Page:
An inquest began Monday in Terrace, B.C., into a fatal shooting by the RCMP's Emergency Response Team.

Rodney Shayne Jackson, 35, was killed in northwestern B.C. in September 2009, several months after he failed to show up for court on criminal charges.

As the inquest began, the courtroom was filled with Gitxsan chiefs and elders, as well as Jackson's family and friends, all wearing buttons with a picture of Jackson and the words "Rodney Jackson will never be forgotten."

Forensic pathologist Dr. Charles Lee took the stand Monday morning, testifying that Jackson died of a single gunshot and that he was shot in the back.

An RCMP reconstructionist who worked on the case later testified he was not informed Jackson was shot in the back before he reconstructed the shooting scene.

The court heard the RCMP's Emergency Response Team was called to a remote hunting cabin in the First Nations village of Kisgagas, north of New Hazelton and about 1,200 kilometres north of Vancouver, on a tip.

Officers surrounded the cabin and Jackson was ultimately shot. He died later in hospital.

Before the proceedings began, a lawyer for Jackson's family asked the coroner to suspend the proceedings because only one of the five inquest jurors was aboriginal, saying the jury was not representative of Jackson's community. The request was denied and the coroner ruled the inquest would continue.

Police response 'questionable'

Cameron Ward, the lawyer for Jackson's family, said there are many unanswered questions about the incident.

new hazelton, bcNew Hazelton, B.C.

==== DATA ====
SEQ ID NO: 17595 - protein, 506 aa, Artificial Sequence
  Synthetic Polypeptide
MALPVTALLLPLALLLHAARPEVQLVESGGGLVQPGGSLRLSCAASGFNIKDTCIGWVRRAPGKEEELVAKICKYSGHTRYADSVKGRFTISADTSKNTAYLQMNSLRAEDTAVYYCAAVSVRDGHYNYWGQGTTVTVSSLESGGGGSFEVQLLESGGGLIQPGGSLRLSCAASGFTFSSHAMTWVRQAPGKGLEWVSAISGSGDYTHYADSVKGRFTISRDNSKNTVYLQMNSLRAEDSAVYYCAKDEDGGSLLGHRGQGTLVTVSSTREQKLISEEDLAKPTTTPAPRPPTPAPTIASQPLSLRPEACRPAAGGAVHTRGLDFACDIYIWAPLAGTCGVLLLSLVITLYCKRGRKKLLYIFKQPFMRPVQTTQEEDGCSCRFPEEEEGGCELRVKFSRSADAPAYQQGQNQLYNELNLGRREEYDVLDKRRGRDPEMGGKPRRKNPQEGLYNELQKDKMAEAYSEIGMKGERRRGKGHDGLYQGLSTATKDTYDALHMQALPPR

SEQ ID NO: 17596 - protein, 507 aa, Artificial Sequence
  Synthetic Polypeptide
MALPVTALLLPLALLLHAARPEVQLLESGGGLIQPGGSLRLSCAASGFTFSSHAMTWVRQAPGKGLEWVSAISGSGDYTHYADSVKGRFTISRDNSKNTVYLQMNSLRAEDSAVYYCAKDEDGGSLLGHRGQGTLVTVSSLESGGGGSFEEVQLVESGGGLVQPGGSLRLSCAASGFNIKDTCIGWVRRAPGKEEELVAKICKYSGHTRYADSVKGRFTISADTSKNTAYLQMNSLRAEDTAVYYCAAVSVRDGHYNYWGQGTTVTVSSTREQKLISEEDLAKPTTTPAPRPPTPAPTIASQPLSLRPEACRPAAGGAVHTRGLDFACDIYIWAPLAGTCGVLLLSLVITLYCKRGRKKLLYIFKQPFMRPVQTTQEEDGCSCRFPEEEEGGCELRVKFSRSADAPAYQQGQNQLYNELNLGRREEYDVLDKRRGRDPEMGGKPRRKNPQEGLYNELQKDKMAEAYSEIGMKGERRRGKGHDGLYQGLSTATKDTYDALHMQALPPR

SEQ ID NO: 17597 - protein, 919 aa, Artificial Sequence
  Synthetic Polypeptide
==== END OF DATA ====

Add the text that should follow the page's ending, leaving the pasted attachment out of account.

"Why it was necessary to use an Emergency Response Team, like a SWAT team, to apprehend Mr. Jackson and why it was necessary to shoot him?" Ward said.

"Mr. Jackson did not fire any shots. He was fatally shot by one of the RCMP ERT members."

At the time, police said Jackson had been on the run from police since September 2008 and had six outstanding warrants, five of them criminal. Police said Jackson and a second man who was arrested during the incident were armed with long guns.

"This was not a man wanted for armed robbery or murder or anything of the sort," Ward said. "Why it was necessary for the RCMP to mobilize a seven-person SWAT team armed with M16 assault rifles is questionable to me."

The inquest is scheduled to take place at the B.C. Supreme Court in Terrace from Sept. 12 to 16.

All seven members of the Emergency Response Team are scheduled to testify at the inquest at the Terrace courthouse. Jackson's brother, who witnessed the incident, will also be called to testify.

With files from the CBC's Betsy Trumpener